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Kennedy Center cuts nearly 30 percent of its administrative staff

The Kennedy Center has been shuttered since March 14. (Bill O'Leary/The Washington Post)

The Kennedy Center laid off 64 employees and shed an additional 47 vacant positions on Friday, representing nearly 30 percent of its administrative staff. The cuts came a day after officials unveiled a performance schedule that will be half the size of a typical season.

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The cuts are needed to address the financial challenges of the pandemic-related shutdown, Kennedy Center President and chief executive Deborah Rutter said in an interview. The arts center projects a $23 million budget shortfall for the 2020-2021 season.

The 64 laid-off employees are spread across all departments. Most are among the 188 workers who have been on furlough since early April. On Aug. 3, the Kennedy Center will bring 45 employees back from furlough, leaving 79 who are not expected to return to their jobs until the fall, Rutter said.

“It is devastating to be in the circumstance where we’re making this decision,” Rutter said.

The cuts are connected to the ongoing closure and the reduced performance schedule released Thursday. In a typical year, earned revenue from ticket sales, concessions, parking and other sources makes up about 70 percent of the arts center’s operating budget. This fiscal year, the best-case scenario predicts a 2020-2021 schedule that’s half the size of recent years, with earned revenue expected to be about 48 percent.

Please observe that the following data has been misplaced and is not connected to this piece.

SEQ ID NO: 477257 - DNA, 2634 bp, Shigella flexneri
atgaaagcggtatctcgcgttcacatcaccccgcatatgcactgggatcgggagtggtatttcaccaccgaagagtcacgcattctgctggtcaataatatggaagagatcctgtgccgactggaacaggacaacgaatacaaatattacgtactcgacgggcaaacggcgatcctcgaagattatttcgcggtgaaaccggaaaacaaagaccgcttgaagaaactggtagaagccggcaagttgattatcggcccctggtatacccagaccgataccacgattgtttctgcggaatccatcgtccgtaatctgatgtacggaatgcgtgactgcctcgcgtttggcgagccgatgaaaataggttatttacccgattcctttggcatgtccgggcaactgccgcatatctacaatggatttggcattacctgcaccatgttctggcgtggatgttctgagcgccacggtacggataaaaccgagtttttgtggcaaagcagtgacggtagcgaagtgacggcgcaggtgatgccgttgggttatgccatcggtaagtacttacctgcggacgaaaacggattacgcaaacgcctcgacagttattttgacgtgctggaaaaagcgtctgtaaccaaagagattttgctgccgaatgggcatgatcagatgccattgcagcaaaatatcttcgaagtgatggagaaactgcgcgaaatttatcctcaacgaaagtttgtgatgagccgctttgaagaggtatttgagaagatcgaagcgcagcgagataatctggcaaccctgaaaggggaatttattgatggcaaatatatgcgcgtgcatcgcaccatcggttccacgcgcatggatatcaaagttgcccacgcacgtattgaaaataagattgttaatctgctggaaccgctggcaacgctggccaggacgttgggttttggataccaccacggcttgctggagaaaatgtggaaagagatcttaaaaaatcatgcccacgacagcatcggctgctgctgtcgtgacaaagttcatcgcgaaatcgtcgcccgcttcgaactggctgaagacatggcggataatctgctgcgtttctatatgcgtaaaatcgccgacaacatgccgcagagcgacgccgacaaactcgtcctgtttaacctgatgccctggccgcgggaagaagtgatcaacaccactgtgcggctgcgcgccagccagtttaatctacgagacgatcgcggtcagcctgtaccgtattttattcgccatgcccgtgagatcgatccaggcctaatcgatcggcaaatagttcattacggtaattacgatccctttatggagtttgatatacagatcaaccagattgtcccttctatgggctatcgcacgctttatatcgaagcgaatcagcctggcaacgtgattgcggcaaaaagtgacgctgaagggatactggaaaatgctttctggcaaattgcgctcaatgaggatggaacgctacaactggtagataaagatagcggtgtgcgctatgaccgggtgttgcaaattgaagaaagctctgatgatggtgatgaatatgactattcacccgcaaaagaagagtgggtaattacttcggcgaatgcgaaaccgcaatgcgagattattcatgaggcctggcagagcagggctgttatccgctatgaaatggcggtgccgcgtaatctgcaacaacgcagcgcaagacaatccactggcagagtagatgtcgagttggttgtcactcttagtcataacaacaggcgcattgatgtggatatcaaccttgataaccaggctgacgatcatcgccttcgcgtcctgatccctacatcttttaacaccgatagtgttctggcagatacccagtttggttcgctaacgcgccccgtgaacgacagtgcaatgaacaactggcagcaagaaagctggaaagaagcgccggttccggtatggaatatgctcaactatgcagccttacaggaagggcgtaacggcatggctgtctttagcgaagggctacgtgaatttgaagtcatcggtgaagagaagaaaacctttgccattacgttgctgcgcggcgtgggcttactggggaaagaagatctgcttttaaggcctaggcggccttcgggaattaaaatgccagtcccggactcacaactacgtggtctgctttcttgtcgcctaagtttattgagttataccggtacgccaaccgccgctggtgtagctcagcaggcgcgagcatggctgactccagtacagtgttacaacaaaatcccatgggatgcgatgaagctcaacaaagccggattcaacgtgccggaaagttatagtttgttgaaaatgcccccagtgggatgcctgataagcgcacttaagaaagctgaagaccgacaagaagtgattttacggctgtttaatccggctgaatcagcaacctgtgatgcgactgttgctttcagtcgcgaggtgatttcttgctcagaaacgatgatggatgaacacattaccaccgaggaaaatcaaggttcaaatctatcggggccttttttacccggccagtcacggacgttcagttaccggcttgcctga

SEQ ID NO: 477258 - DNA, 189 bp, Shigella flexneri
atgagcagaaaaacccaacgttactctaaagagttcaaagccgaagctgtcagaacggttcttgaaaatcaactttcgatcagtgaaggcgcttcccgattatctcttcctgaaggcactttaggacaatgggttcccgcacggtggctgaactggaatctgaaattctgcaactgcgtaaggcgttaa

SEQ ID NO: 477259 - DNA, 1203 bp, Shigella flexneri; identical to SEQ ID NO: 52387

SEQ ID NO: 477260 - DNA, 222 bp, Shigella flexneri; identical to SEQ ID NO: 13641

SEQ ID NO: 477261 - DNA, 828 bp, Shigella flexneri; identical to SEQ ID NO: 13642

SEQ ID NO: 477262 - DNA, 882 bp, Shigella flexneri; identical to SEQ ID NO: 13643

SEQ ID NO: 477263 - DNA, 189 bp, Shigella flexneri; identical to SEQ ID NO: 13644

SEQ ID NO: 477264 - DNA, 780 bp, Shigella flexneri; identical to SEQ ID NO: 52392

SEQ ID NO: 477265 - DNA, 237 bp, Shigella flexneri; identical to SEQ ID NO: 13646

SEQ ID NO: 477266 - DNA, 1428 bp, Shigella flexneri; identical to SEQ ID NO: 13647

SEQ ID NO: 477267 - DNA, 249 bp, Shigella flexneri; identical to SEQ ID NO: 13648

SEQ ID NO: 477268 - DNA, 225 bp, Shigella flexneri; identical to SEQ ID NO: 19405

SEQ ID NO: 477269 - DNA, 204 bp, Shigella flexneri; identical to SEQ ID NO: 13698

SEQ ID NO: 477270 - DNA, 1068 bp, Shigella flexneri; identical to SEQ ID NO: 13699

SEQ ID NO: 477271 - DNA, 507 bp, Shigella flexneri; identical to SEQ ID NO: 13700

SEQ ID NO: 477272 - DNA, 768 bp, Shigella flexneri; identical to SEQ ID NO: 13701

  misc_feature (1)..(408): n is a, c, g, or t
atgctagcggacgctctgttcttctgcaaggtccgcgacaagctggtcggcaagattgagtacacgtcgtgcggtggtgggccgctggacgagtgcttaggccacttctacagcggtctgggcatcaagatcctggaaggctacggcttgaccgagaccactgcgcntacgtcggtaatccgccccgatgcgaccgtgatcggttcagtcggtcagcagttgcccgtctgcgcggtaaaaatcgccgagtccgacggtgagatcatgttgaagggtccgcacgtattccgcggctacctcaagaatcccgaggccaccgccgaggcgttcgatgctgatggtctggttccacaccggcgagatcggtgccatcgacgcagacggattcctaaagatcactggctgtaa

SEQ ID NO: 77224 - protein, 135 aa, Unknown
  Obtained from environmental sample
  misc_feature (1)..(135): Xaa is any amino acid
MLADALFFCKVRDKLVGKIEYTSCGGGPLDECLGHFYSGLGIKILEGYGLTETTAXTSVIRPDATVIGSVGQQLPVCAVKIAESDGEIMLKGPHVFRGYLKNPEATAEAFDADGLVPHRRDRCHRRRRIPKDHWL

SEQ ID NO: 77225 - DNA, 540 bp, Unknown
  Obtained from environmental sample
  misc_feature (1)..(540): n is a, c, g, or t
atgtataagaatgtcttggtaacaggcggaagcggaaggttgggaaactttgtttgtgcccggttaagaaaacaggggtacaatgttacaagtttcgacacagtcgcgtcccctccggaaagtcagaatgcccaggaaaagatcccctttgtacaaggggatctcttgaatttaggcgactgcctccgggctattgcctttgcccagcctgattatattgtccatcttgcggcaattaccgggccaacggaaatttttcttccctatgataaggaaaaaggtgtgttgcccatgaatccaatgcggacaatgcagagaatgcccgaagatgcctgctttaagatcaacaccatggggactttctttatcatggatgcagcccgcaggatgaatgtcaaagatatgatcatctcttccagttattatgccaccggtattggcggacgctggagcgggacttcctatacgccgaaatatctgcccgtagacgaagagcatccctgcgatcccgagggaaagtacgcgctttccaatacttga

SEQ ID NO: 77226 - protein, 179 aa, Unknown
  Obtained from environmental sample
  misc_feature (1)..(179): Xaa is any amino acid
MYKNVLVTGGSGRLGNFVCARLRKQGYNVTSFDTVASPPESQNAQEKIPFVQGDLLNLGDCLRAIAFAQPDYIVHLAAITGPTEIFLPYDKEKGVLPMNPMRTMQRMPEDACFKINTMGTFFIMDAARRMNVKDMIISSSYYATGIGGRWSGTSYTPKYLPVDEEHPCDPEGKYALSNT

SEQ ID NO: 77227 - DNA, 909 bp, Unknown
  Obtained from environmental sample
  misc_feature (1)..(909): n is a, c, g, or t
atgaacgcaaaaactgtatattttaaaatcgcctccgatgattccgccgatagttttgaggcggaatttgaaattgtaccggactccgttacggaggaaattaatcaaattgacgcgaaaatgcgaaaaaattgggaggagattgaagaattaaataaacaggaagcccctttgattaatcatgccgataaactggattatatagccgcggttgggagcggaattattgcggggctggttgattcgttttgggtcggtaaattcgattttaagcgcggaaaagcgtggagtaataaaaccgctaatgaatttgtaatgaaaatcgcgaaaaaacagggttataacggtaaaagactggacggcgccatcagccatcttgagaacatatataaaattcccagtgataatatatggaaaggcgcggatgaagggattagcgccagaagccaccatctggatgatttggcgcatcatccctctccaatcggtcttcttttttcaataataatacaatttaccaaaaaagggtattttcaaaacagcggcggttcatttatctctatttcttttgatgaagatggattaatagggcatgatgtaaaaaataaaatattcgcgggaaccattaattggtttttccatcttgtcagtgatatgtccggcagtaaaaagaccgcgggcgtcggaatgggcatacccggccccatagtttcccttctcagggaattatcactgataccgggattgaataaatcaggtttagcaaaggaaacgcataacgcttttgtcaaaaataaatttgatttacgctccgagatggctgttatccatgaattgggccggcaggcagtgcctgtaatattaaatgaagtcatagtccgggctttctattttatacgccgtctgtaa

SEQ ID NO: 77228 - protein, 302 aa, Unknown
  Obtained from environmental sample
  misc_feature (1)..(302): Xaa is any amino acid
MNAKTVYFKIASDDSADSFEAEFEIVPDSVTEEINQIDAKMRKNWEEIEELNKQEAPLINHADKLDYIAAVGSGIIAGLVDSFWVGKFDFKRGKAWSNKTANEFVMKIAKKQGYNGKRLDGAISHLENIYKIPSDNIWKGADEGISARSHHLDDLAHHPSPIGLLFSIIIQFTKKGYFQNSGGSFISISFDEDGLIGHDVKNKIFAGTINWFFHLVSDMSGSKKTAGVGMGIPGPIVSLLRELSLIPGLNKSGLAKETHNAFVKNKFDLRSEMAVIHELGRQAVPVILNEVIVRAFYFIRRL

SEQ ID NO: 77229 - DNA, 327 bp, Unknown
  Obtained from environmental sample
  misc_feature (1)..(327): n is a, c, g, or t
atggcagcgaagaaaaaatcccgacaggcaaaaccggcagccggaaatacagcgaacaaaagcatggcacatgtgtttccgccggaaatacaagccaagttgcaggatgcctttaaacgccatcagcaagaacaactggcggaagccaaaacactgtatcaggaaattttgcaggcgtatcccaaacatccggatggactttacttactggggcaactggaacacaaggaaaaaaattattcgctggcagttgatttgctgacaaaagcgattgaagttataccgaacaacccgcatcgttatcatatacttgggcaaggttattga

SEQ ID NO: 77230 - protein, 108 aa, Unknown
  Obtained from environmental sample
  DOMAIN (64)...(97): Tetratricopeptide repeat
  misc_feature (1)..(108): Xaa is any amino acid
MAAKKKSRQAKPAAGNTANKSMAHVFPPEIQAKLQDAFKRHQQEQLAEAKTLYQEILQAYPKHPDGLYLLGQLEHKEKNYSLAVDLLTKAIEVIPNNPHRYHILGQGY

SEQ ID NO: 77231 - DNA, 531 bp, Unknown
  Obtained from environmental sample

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Friday’s staff cuts, Rutter said, are a way to close the projected $23 million shortfall.

“We have to find ways to conserve revenue,” she said. “These actions will help move toward that.”

Rutter decided to forgo her $1.2 million salary in March, earning just enough to cover her health-care costs. She is now taking 25 percent of her salary.

When the Kennedy Center closed March 14 as part of the effort to stop the spread of covid-19, it laid off about 750 hourly and part-time workers, including ushers, stagehands and box-office and retail personnel. Although it received $25 million in Congress’s first relief package — money intended to help pay the salaries of staff during the closure — the center furloughed about 250 employees across departments, including marketing, development and education. About 70 employees have returned to the payroll, but about 188 have been out for 16 weeks.

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When the full staff is back in December, it will total 301, compared with 411 before the closure in March.

Rutter said that Kennedy Center leaders systematically evaluated every position, absent names, to determine which were indispensable and which could be eliminated. Laid-off employees will be given a severance package, including health care coverage through 2020, she said. Medical coverage also is being extended to furloughed staff.

In the spring, the unions representing the National Symphony Orchestra and Kennedy Center Opera House Orchestra negotiated pay cuts averaging 25 percent for their members. Rutter said Friday that the arts center will ask for more reductions.

“We’d been given indications a month ago” that officials would be seeking more talks, said Peter de Boor, French horn player and chairman of the orchestra committee. “We’ve been waiting by the phone, as it were, but we haven’t been contacted.

“We understand the financial situation, at least superficially. We are not agreeing to reopen the contract, but we are happy to discuss changes.”

The cuts and continued furloughs come as the $600 federal unemployment insurance bonus is set to expire next week. Rutter said the arts center had distributed $300,000 — from donations from board members — to employees since March. Additional aid is expected.